In addition to being an expert on Title IX, Erin Buzuvis is also a top-notch "spinner". Read more here.
The law definitely struggles with an image problem, because when universities do have to cap or curtail men's opportunities, there's this sort of easy story that, "Well, it’s because of Title IX that we had to do this." While I believe that is a misleading statement, it is a story that gets told.
Enlighten us then, Erin. Why, when budget cuts are made, do men's sports like wrestling, gymnastics, swimming, track, etc. take the hits?
No, not the Rangers' 40th anniversary. Remember Title IX?
While most recent pieces on Title IX have touted progress for women in athletics, few have mentioned the decline in men's sports.
Doug Robinson points out the unintended consequences of proportionality here.
Universities have been running scared ever since and become remarkably creative in the process. They've scrambled to even up the numbers because a) football has 100 or so players on the roster and there isn't a women's football team, and b) there isn't as much interest in athletics among females.
Hundreds of men's programs have been cut to even the percentages of women vs. men in participation. According to one report, between 1981 and 1999, universities eliminated 171 men's wrestling teams, 84 men's tennis teams, 56 men's gymnastics teams, 27 men's track teams and 25 men's swimming teams. For every female athlete gained, 3.6 men were lost.
Ready for the more frightening news? Radicals spouting off on Title IX continue to tell the world "We still have a long way to go!"
I guess they won't be happy until they've wiped out a few hundred more men's programs...
Many of you have already seen this. In case you haven't, it's a letter from St. Louis Cardinal manager Mike Matheny to his Little League parents. Read it here.
Closes with this:
I know that right now you are asking yourself if this is what you want to get yourself into and I understand that for some of you it may not be the right fit. I also think that there is a great opportunity for these boys to grow together and learn some lessons that will go beyond their baseball experience. Let me know as soon as possible whether or not this is a commitment that you and your son want to make.
If you foolishly ignore beauty, you will soon find yourself without it. Your life will be impoverished. But if you invest in beauty, it will remain with you all the days of your life. Frank Lloyd Wright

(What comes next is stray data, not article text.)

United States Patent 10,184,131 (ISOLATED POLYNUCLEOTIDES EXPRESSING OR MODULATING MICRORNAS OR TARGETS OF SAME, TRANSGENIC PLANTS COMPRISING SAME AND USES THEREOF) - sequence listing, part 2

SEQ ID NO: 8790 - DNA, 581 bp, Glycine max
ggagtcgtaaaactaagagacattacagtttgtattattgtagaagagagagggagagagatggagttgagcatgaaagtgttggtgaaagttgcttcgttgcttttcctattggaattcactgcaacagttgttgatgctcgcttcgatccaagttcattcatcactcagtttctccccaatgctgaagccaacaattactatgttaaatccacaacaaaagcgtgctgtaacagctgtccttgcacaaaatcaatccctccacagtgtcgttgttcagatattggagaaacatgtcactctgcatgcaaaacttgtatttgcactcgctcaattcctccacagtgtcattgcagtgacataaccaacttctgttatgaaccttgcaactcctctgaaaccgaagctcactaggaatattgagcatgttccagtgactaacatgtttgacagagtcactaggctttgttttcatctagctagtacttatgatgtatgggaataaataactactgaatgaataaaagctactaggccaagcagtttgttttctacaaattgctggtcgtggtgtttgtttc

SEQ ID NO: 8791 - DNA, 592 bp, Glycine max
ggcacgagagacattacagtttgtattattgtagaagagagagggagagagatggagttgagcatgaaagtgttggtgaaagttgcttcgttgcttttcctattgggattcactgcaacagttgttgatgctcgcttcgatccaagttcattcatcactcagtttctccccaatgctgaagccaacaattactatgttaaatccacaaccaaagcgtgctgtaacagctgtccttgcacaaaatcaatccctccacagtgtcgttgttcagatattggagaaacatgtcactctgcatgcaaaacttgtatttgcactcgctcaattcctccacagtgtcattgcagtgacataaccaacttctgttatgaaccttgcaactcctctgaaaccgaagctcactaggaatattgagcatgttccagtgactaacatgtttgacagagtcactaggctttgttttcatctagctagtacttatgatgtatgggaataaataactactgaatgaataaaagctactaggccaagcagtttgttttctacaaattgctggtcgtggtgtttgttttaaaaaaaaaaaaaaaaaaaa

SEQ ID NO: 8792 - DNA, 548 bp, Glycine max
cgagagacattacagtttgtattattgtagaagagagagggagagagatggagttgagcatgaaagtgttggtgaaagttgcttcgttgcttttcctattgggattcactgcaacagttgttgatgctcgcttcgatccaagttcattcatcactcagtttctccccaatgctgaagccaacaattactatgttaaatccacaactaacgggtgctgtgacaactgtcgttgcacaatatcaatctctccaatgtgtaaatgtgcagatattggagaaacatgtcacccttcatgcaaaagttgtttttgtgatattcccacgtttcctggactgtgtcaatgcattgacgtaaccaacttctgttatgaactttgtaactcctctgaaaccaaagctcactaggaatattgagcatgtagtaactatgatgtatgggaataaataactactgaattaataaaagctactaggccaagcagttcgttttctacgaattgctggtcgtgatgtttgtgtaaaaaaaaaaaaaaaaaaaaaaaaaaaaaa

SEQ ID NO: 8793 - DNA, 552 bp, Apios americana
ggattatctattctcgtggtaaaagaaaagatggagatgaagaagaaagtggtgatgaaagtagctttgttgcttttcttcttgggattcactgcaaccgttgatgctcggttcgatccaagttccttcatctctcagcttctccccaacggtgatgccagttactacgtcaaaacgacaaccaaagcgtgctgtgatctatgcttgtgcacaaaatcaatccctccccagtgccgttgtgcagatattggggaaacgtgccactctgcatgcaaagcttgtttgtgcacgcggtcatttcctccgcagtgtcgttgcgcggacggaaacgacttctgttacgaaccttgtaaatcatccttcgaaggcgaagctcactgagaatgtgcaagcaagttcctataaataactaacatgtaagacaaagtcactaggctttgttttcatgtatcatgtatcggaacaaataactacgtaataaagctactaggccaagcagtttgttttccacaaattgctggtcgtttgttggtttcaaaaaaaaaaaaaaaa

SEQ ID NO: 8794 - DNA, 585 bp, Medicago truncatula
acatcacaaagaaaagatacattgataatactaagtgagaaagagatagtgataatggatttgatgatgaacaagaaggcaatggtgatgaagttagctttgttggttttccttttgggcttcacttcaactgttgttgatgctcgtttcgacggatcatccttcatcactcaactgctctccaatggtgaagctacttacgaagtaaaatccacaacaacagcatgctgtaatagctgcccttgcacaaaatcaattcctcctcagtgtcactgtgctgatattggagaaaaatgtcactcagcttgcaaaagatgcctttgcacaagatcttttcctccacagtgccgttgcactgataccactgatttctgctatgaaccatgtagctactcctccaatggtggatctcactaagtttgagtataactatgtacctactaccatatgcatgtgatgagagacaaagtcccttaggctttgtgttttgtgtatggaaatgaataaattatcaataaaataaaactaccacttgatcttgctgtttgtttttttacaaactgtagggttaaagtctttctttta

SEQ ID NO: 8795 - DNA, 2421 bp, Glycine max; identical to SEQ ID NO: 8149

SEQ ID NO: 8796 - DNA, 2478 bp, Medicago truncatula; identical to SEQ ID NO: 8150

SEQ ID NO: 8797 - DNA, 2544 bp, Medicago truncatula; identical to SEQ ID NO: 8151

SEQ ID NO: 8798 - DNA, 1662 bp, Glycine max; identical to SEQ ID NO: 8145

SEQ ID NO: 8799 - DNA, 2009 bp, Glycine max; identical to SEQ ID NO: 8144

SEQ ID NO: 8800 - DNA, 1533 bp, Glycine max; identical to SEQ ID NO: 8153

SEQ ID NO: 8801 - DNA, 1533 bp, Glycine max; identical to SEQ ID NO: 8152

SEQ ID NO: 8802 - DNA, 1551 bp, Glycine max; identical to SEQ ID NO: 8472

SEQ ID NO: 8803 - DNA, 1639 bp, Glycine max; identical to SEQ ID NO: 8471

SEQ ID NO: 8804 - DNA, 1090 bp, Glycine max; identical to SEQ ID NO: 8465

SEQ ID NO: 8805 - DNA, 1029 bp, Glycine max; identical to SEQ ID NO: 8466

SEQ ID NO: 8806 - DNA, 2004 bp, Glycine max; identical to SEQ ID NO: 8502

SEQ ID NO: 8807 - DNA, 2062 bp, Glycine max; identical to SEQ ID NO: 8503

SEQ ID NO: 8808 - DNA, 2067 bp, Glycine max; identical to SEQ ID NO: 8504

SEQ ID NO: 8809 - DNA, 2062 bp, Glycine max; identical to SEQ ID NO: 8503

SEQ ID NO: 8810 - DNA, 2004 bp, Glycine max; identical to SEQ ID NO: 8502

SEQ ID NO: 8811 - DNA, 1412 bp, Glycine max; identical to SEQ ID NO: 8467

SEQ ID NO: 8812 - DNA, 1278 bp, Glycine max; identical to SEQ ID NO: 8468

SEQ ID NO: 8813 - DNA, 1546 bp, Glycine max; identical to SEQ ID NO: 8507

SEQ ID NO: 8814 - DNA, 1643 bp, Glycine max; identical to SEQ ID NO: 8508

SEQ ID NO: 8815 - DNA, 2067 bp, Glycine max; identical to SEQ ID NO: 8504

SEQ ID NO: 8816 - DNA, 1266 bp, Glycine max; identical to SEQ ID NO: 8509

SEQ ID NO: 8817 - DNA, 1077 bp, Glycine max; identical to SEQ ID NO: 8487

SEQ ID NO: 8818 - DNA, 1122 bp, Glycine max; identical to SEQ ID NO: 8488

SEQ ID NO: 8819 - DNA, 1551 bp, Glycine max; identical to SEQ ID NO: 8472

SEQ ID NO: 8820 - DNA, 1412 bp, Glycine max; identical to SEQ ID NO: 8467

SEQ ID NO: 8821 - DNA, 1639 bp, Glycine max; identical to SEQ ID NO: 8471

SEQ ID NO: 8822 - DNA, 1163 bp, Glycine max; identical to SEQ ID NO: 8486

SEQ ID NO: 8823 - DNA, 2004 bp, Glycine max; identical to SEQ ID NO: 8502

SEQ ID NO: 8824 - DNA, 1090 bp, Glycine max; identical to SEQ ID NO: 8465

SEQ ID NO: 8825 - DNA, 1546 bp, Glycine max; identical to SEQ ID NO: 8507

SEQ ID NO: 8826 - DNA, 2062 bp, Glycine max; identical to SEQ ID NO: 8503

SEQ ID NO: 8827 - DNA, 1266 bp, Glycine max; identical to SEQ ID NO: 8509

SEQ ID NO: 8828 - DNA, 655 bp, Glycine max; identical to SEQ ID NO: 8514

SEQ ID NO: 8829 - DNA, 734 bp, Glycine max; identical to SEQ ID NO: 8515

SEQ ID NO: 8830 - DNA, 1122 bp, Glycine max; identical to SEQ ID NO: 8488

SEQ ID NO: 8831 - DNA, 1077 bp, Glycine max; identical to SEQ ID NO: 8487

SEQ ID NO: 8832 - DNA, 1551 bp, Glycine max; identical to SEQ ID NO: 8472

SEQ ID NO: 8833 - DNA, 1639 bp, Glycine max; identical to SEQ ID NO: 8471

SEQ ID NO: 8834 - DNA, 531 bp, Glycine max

Ready for a positive story on men's college swimming? You won't find one here.
Butler is dealing with Title IX issues. Read more here. Don't worry about men's swimming being on the chopping block up there, though. They dumped men's swimming long ago.
Men's swimming was dropped at Rutgers a few years ago. Doesn't look like it saved them a whole lot of money, though. The university soaks students for a grand each year to prop up their bloated athletic department. Read more here.
Take your pick on which is the most damning statement about the Rutgers athletic department, based on a report by Bloomberg News this week examining spending in big-time sports:
a) Rutgers gave $28.5-million from the university budget and student fees, or almost $1,000 per student, to finance sports during the fiscal year ended June 30, 2011.
b) The $19.4-million that Rutgers allocated to athletics from its general budget would have been enough to hire about 256 assistant professors or 132 full professors, based on salary figures provided by the university.
c) Fiscal 2011 included the first losing football season in six years. Ticket sales for all sports, led by football, plunged by $3.1-million; donations fell $1.5-million; and income from royalties and licensing declined $477,558.
How about d) all of the above ?
Looking for an escaped from all the bad news? They say this new movie's pretty danged good:
The avalanche of Title IX 40th Birthday articles is upon us. What few will contain is the truth about how screwed up this well-intentioned law has become.
Proportionality has DIRECTLY resulted in the elimination of thousands of athletic opportunities for young men. Whether it was roster caps or the outright cutting of entire programs, proportionality has destroyed coaching and athletic careers across the nation.
College Swimming has posted a list of men's swimming programs dropped in the past few decades here.